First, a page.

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Missouri Governor Ramps Up Attack on Newspaper Over 'Hacking' Scandal

Mike Parson is convinced that examining publicly available HTML is "hacking." Now his PAC has released a bizarre, stupid video that doubles down on his claims.

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Image for article titled Missouri Governor Ramps Up Attack on Newspaper Over 'Hacking' Scandal
Photo: Jacob Moscovitch (Getty Images)

Missouri’s Republican Gov. Mike Parson is escalating his conflict with a local newspaper after the outlet revealed a gaping cybersecurity hole in one of the state’s websites.

St. Louis Post-Dispatch reporter Josh Renaud recently discovered that the Missouri Department of Elementary and Secondary Education had accidentally exposed tens of thousands of teachers’ social security numbers via a poorly secured webpage. He disclosed the vulnerability to the government, after which Parson proceeded to do what any reasonable public official would do: accuse the journalist of “hacking” the website and threaten legal action.

Many cybersecurity professionals were quick to rush to the reporter’s defense online, noting that simply inspecting publicly available HTML code (which is where the educators’ personal information was allegedly found) does not have anything to do with “hacking.” However, those comments don’t seem to have swayed anyone at Parson’s office.


Now, the governor’s political action committee, Uniting Missouri, has unleashed a bizarre video that doubles down on his claims and dramatizes them for his most MAGA-minded constituents. Entitled “Gov. Parson holds fake news accountable,” the video uses explicit Trump-like language and blatantly attempts to demonize the Post-Dispatch, figuring Parson as some sort of crusader against the corrosive influences of local journalism.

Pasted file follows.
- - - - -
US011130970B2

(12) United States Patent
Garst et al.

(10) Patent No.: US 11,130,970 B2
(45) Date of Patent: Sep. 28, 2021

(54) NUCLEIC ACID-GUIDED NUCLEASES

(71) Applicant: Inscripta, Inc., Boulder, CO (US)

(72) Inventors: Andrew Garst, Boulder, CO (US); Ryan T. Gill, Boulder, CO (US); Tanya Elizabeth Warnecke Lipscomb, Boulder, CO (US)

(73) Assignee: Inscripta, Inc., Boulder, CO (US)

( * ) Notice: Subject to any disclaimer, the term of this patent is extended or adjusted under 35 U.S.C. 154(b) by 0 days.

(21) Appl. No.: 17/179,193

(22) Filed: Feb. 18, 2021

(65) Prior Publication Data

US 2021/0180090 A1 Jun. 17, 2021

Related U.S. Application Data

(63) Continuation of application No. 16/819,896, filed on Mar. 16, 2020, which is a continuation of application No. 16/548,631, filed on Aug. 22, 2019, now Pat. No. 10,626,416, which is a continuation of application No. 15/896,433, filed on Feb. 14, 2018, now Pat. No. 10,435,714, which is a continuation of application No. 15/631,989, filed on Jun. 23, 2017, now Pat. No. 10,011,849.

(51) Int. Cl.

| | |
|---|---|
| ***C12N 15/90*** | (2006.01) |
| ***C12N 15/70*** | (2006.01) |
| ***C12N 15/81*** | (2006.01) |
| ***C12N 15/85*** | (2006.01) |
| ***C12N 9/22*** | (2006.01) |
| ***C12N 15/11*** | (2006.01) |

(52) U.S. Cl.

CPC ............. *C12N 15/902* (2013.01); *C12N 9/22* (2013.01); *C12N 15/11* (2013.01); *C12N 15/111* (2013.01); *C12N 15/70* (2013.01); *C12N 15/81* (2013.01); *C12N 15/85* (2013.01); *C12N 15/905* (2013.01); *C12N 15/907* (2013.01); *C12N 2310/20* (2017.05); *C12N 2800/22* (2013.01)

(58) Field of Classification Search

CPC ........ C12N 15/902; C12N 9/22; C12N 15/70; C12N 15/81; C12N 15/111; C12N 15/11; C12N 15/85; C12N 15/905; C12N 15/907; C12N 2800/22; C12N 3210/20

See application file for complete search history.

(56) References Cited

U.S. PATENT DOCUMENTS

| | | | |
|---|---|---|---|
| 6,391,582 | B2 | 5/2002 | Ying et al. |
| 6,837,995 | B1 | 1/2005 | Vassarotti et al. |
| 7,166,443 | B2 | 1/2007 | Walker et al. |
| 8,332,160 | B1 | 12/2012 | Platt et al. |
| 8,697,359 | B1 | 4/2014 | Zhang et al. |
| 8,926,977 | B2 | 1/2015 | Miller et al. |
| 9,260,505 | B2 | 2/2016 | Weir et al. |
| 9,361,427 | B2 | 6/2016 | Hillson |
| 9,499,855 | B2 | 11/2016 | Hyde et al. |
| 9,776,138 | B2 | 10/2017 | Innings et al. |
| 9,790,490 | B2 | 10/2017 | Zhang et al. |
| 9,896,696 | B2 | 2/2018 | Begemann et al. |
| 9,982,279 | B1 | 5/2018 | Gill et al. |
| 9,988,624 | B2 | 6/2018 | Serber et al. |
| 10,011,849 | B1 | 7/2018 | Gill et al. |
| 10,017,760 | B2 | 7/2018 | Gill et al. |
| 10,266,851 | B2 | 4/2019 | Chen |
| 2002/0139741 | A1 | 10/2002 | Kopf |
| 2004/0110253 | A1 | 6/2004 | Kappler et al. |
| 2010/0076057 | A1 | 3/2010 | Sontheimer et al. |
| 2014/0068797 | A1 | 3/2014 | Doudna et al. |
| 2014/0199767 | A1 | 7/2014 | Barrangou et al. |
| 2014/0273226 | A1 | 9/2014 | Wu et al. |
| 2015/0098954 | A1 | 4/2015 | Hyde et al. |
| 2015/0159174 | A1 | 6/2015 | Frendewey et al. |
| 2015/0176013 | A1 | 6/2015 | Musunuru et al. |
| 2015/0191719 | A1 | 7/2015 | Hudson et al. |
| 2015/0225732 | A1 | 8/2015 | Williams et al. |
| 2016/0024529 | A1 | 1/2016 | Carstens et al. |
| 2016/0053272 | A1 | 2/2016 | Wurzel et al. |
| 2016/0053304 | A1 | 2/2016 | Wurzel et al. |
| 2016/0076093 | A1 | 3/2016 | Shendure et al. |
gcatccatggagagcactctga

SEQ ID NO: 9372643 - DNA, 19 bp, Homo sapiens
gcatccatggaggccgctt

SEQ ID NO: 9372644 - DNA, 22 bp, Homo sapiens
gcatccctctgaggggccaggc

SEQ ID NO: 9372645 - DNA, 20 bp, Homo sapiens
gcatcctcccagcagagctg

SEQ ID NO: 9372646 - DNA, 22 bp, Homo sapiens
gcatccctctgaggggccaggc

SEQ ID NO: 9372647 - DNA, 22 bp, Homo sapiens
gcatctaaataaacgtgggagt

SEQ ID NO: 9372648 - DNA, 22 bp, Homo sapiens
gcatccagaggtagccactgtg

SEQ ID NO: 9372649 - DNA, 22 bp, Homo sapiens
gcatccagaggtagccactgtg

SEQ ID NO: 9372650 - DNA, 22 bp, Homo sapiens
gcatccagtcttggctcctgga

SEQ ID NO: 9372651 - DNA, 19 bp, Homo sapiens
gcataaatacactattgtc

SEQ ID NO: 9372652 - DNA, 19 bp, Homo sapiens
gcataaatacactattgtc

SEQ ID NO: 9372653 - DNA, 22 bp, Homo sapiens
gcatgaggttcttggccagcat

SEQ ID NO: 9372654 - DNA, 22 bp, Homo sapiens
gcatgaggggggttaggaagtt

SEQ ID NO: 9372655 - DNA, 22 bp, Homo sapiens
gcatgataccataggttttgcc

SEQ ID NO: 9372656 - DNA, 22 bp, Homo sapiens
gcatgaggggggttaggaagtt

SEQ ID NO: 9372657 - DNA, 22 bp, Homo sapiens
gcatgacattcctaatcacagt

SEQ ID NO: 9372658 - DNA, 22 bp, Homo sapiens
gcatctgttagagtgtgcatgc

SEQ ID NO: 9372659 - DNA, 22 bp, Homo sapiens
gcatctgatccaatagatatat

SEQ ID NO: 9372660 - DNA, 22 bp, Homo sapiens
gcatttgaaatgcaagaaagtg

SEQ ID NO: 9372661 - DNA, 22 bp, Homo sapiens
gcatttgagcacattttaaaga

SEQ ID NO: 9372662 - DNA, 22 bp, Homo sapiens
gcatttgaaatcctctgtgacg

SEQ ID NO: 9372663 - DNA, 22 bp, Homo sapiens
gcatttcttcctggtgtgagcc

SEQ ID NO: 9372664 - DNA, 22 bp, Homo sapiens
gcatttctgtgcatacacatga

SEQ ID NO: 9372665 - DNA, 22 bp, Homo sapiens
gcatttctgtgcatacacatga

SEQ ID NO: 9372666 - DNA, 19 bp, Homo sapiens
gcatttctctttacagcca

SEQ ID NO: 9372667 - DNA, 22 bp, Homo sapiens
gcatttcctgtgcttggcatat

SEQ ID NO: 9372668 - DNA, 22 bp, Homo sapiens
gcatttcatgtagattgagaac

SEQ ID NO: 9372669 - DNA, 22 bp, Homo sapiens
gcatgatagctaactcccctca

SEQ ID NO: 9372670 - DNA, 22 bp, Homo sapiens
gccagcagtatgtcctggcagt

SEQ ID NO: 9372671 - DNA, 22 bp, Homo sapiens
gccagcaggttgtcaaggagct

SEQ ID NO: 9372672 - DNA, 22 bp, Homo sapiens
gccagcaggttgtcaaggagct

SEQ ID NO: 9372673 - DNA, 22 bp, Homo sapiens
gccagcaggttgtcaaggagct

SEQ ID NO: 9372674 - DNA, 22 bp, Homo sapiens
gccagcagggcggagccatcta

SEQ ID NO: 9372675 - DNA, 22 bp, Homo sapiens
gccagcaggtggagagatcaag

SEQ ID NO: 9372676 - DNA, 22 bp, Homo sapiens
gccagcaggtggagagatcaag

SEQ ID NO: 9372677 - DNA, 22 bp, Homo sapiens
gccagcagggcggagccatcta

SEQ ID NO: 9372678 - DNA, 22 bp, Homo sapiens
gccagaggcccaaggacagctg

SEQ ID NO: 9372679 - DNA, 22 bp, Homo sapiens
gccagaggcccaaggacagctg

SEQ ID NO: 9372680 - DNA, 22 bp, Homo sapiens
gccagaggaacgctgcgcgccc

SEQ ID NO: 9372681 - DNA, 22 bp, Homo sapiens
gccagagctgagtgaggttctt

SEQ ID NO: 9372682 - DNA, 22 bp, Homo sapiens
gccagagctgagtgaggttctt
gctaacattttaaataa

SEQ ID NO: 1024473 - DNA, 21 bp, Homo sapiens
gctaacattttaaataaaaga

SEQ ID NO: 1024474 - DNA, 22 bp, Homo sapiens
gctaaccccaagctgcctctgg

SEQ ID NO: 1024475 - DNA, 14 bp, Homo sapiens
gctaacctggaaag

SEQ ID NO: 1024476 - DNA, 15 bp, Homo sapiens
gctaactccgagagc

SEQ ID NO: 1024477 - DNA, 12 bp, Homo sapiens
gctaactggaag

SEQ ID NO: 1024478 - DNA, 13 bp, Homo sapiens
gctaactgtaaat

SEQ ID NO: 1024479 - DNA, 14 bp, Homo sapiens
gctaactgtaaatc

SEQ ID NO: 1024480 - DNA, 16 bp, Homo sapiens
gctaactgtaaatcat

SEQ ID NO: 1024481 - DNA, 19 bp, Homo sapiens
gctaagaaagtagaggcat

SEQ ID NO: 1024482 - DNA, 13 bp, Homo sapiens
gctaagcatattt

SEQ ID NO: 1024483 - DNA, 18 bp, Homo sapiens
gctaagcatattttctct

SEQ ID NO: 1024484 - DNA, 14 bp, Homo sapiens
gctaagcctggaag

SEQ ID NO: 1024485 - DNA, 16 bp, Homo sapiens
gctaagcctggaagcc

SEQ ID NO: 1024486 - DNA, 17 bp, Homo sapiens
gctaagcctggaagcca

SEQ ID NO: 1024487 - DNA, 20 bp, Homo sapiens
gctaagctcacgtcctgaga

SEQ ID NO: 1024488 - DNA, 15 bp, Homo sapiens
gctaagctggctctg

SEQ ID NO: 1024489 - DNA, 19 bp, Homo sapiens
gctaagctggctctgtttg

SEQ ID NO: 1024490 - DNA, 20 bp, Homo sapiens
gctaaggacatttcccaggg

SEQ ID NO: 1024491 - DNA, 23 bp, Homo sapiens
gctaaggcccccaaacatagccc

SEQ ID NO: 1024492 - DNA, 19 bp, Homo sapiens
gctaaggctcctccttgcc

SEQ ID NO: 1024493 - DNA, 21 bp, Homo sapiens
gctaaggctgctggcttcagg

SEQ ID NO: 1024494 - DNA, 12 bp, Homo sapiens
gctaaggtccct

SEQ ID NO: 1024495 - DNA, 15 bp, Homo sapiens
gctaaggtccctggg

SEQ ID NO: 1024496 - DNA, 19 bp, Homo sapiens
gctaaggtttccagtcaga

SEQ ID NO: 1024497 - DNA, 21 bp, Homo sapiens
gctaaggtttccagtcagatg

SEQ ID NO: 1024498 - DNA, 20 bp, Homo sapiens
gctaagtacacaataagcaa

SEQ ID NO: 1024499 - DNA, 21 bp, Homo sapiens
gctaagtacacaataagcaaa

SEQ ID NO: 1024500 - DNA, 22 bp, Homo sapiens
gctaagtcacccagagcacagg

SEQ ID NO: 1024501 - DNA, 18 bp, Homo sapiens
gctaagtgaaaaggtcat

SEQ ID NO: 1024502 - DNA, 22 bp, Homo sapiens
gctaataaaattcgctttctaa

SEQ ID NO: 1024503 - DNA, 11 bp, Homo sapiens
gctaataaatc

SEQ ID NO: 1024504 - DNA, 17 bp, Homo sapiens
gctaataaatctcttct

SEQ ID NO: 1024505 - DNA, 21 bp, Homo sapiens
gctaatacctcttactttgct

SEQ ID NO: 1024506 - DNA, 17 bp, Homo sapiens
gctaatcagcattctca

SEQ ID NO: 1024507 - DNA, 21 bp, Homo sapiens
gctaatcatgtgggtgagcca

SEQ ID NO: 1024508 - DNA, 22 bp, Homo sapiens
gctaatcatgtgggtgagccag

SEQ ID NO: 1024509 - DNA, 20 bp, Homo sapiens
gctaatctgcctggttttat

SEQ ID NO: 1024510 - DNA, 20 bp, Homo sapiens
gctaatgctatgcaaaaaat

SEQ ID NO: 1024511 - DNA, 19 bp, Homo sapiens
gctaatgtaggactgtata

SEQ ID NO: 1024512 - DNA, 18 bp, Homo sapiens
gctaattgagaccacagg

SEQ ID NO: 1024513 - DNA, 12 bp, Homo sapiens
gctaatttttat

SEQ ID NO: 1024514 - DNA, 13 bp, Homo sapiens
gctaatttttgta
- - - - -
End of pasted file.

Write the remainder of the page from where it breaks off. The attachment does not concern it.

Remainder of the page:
A Trump-like move here is perhaps not so surprising, since Parson has largely been viewed as quite supportive of the ex-President, often mirroring him on a number of different fronts.


“The latest from the Missouri fake news factory is from the St. Louis Post-Dispatch,” the video proclaims. It goes on to basically regurgitate the “hacking” claims and insinuate that the newspaper was somehow trying to spread misinformation about the state’s very real data leak.

Not long after the video’s release, Uniting Missouri tweeted: “For years, the liberal media has attacked Republicans. Today, Governor Parson is fighting back, referring a reporter who invaded teachers’ confidential information for prosecution.”


Despite all this, the governor’s office has yet to make clear what it thinks Renaud and the Dispatch actually did—only stating repeatedly that the culprits took steps to “decode” information that wasn’t “freely available.” When reached via phone on Friday, Kelli Jones, Parson’s communication’s director, told Gizmodo that an investigation into the incident is “still in progress” and that “interviews are currently being conducted” by the State Highway Patrol’s Digital Forensics Investigation Unit.

It wasn’t immediately clear how to reach Uniting Missouri, as the website does not provide a contact portal or a press contact. Having watched the PAC’s video, however, I have to say that—even by political advertising’s standards—it is quite ridiculous. You can take a look and judge for yourself.


Perhaps the weirdest, most hilarious thing about the video is that it portrays Parson as some sort of protector of educators’ privacy—even though it’s the newspaper (which the video vilifies) that helped point out the data breach.

Parson has also weirdly complained that it will cost Missouri $50 million to fix the data issues uncovered by the newspaper’s investigation (that money is reportedly being spent on credit monitoring for the staff whose SS numbers were left exposed)—as if it’s the paper’s fault for writing about something that the state screwed up instead of the state’s fault for screwing it up.


Democratic politicians have also argued that the governor is inflating the costs of protecting teachers’ data. “He pulled it straight out of his ass,” state Rep. Peter Merideth recently told an outlet, in regards to Parson’s projections.